Also, like your point to Helena about organizing vs. removal. Organizing will have to occur again in some form because the items will need to be handled in the future. Removal, as you said is permanent. Space is reclaimed.

January 28, 2014 | Registered CommenterLinda Samuels

Has the minimalist discussion prompted the most comments? Seems like it.
Lovely irony. The passion of comments leaps off the "page."

Two favorite points: (1) boundaries around toys and teaching kids about psychological/relationship boundaries. Such an important skill and sense to teach younger people. (2) processing emerging feelings- so important to pay attention to this as you let go of things. Great to see this acknowledged in print.

Thank you both for this gift today.

January 28, 2014 | Unregistered CommenterSue West

Hey Sue- Commenting numbers are certainly high. And that IS funny based on the topic. However, I'm not surprised either. The minimalist movement is so closely aligned to both the organizing and coaching industries that I can see why there is so much excitement and "leaping off the page" passion coming through in this conversation.

As always, love your ability to take it all in and distill down to the essence. One of your many gifts. Keep 'em coming!

January 29, 2014 | Registered CommenterLinda Samuels

Wow...what a great happy I stopped by! As both my children have left the nest (at least temporarily) for college, I am entering that new phase of downsizing. It's astounding to me how much "stuff" we have accumulated over the past 21 years in our home. Frankly, it's overwhelming. I plan to read your book, Joshua, for inspiration on divesting myself of "stuff." Thank you, Joshua and Linda.

January 30, 2014 | Unregistered CommenterShar Bass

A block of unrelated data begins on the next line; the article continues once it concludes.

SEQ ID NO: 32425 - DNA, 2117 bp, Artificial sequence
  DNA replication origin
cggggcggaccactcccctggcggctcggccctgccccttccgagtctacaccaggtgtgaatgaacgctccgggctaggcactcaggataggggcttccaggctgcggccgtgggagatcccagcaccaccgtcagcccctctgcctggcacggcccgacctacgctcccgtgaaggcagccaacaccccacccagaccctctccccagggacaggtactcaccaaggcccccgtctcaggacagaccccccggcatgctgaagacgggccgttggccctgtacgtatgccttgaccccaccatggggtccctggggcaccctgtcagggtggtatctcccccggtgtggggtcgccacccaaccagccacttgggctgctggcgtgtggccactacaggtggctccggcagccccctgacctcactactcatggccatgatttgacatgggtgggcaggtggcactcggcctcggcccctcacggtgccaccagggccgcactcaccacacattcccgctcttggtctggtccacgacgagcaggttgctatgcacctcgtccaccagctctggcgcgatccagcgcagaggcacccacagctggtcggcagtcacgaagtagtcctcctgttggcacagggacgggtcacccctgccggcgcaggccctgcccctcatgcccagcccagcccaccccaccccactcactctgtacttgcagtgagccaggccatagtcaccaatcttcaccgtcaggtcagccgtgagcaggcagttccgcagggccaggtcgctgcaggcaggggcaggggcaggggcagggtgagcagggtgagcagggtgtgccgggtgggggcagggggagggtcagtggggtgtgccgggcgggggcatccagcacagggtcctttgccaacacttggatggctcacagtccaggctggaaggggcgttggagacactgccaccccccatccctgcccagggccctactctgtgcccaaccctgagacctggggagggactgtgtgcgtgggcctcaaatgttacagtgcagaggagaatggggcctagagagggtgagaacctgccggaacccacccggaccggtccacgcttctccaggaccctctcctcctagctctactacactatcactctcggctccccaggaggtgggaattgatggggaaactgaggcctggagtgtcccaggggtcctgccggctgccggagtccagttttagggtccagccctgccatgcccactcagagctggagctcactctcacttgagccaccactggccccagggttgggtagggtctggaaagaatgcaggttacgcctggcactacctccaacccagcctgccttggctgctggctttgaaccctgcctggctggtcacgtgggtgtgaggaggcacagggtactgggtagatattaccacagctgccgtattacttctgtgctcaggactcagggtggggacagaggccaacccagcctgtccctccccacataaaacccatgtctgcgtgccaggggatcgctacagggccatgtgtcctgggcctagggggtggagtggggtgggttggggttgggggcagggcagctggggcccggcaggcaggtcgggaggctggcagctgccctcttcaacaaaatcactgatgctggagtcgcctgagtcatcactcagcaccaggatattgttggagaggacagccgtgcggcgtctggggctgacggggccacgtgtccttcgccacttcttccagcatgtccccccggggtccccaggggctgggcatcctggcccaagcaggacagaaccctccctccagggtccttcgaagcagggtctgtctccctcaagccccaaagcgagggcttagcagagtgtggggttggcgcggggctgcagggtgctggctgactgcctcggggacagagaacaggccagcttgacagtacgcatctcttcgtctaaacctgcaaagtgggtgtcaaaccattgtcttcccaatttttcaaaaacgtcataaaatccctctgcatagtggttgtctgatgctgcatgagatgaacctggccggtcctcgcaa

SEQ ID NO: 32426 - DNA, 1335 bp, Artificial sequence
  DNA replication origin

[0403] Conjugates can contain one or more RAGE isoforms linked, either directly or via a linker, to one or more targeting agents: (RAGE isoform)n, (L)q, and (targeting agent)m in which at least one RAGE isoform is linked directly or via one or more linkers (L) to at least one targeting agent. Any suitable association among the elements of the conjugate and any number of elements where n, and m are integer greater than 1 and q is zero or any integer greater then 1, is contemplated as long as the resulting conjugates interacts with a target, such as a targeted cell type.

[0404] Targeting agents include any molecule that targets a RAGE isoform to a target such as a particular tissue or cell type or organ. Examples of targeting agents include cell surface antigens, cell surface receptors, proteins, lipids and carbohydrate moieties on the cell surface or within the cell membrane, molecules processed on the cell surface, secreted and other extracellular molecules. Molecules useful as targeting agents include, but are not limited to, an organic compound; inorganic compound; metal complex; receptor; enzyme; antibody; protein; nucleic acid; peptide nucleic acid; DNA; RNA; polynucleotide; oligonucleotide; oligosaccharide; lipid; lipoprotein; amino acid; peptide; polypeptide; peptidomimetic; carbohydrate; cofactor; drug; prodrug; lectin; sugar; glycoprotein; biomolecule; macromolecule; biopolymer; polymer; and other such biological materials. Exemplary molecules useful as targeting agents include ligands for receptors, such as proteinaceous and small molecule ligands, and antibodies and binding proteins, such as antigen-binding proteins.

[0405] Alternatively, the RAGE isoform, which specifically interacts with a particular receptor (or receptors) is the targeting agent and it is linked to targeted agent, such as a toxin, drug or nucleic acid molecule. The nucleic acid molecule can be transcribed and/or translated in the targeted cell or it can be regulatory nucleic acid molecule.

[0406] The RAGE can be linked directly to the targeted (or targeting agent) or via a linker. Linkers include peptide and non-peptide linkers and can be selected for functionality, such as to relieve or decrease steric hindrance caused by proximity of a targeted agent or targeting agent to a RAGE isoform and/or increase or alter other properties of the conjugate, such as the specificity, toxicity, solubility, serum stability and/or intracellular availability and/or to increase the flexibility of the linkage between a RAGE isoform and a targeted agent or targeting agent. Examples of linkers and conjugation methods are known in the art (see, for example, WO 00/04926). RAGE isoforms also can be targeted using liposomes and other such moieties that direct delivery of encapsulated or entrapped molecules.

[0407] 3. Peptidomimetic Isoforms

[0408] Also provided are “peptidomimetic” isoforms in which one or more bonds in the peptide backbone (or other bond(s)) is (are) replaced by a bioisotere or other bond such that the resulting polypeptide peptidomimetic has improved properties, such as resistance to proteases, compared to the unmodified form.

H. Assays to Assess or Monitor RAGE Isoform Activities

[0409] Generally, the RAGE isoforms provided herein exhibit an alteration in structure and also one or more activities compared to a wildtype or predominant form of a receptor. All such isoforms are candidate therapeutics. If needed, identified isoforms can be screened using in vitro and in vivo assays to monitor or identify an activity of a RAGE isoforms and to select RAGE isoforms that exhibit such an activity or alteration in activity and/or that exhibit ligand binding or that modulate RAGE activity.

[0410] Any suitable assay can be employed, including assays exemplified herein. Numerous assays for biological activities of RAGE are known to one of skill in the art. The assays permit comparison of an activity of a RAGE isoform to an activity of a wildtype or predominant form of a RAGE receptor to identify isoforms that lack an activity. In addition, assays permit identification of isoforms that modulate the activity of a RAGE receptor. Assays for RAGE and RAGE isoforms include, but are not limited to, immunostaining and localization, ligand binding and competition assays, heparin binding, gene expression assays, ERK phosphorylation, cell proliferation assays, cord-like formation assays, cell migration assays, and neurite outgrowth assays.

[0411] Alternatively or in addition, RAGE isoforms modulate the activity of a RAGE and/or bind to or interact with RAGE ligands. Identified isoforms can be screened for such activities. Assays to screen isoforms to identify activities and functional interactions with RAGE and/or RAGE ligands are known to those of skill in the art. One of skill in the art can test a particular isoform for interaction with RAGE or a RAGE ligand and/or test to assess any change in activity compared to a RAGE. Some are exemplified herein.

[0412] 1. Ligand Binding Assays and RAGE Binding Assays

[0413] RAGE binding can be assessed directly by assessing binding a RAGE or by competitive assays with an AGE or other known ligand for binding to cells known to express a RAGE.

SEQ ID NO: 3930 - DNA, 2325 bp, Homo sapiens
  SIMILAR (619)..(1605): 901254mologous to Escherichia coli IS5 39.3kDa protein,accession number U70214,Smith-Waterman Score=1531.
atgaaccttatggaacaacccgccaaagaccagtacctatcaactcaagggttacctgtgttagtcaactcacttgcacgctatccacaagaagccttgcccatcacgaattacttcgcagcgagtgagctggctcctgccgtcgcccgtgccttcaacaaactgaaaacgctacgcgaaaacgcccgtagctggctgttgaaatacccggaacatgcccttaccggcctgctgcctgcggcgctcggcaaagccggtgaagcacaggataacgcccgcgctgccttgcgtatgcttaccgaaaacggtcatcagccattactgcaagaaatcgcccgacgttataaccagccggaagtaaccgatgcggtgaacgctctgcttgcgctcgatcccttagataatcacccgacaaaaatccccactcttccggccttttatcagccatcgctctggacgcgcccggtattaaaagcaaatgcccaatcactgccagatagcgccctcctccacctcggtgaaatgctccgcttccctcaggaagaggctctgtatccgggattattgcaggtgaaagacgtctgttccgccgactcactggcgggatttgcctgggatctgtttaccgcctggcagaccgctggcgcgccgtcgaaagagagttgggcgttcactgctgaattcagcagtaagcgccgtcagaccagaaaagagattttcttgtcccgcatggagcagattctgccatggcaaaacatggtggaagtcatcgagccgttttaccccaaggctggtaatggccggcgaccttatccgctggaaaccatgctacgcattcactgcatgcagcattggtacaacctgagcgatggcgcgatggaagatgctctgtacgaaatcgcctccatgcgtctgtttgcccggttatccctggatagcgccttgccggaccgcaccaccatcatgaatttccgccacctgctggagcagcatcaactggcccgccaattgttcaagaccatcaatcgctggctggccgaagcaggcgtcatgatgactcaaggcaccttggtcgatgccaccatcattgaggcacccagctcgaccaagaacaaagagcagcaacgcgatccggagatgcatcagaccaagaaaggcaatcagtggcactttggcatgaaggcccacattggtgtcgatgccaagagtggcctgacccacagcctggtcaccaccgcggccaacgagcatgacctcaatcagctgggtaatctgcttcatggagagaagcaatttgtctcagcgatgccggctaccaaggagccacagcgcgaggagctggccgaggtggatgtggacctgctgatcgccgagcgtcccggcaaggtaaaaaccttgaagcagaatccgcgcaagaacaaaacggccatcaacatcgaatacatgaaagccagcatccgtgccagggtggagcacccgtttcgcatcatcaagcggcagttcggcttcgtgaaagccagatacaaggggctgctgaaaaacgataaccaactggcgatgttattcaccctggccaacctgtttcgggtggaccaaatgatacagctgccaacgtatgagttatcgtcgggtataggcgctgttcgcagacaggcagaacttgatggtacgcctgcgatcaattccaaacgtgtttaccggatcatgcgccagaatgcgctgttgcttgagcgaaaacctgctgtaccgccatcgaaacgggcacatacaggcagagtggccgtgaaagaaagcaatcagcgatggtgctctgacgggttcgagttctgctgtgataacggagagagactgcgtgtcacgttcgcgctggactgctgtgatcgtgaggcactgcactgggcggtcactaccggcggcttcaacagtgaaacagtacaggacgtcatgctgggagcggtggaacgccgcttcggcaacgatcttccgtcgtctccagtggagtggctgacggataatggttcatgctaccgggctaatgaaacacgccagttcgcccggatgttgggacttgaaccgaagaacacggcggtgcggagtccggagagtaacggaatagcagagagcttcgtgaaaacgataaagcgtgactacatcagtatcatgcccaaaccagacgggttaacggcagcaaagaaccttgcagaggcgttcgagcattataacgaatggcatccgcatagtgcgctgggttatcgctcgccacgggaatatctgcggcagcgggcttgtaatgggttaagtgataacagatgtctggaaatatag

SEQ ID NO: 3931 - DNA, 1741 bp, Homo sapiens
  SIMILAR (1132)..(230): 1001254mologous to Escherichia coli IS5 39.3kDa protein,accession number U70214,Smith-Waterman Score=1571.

Shar- New phase. New thoughts. Especially during transition times, it gives us an opportunity to re-evaluate. Children moving on is one of those times. You're in for a treat, when you read Joshua's book. I know you'll be inspired and encouraged by him as you divest yourself of the "stuff." Lovely to have you here. I always enjoy our conversations together be it virtually or in-person.

January 31, 2014 | Registered CommenterLinda Samuels

What a wonderful and treasure-filled conversation. Thank you Linda and Joshua! I love Joshua's definition of minimalism and the distinction he makes between living with less vs. giving up everything.

I remember one Father's Day, years ago, we returned home to a minor disaster in the basement. A pipe had burst and just about everything that was stored in the basement was destroyed. After dealing with the pipe, I went downstairs to evaluate the damage.

When I moved to the US from Greece I brought with me things that, back then, were important to me but as their usefulness diminished I stored them. A lot of what was stored in the basement were things I no longer used but was hesitant to let go of. I was afraid to let go of the physical reminders of a past long gone.

It was indeed time to let go but since I wasn't strong enough, life took care of it. We spent the next three days emptying the basement and with each item that went, I became lighter and lighter. Yes, I could let go of the stuff because the memories that truly mattered and supported my growth were still with me.

So much of what Joshua talks about is what I try to live my life by. And yes, living an uncluttered life is a journey not a destination and therein lies its beauty.

Thank you again you two! xoxo

February 3, 2014 | Unregistered CommenterYota Schneider

Yota- What an amazing experience! Thank you for sharing your journey around letting go, feeling lighter, and how the basement flood incident influences and informs your decisions… A journey, not a destination. Just lovely.

February 4, 2014 | Registered CommenterLinda Samuels

Love the focus on what is gained by minimalism. So often the focus on what we give up can create anxious reaction. Some of my clients have talked about their ideal space being like a vacation cottage: just enough to be comfortable and not too much as to be taxing.

February 5, 2014 | Unregistered CommenterDenise Lee

Denise- Thank you for bringing the positives or "gain" to the table. You're so right that even saying, "letting go" or "giving up" can cause anxiety. If instead we stay benefit-focused, that shift in perspective and transformation is possible.

I had a similar conversation with a client recently who was struggling with overwhelm because of having too much "stuff" to manage. She realized that when she travels and has "less," she's not only fine, but much happier.

February 5, 2014 | Registered CommenterLinda Samuels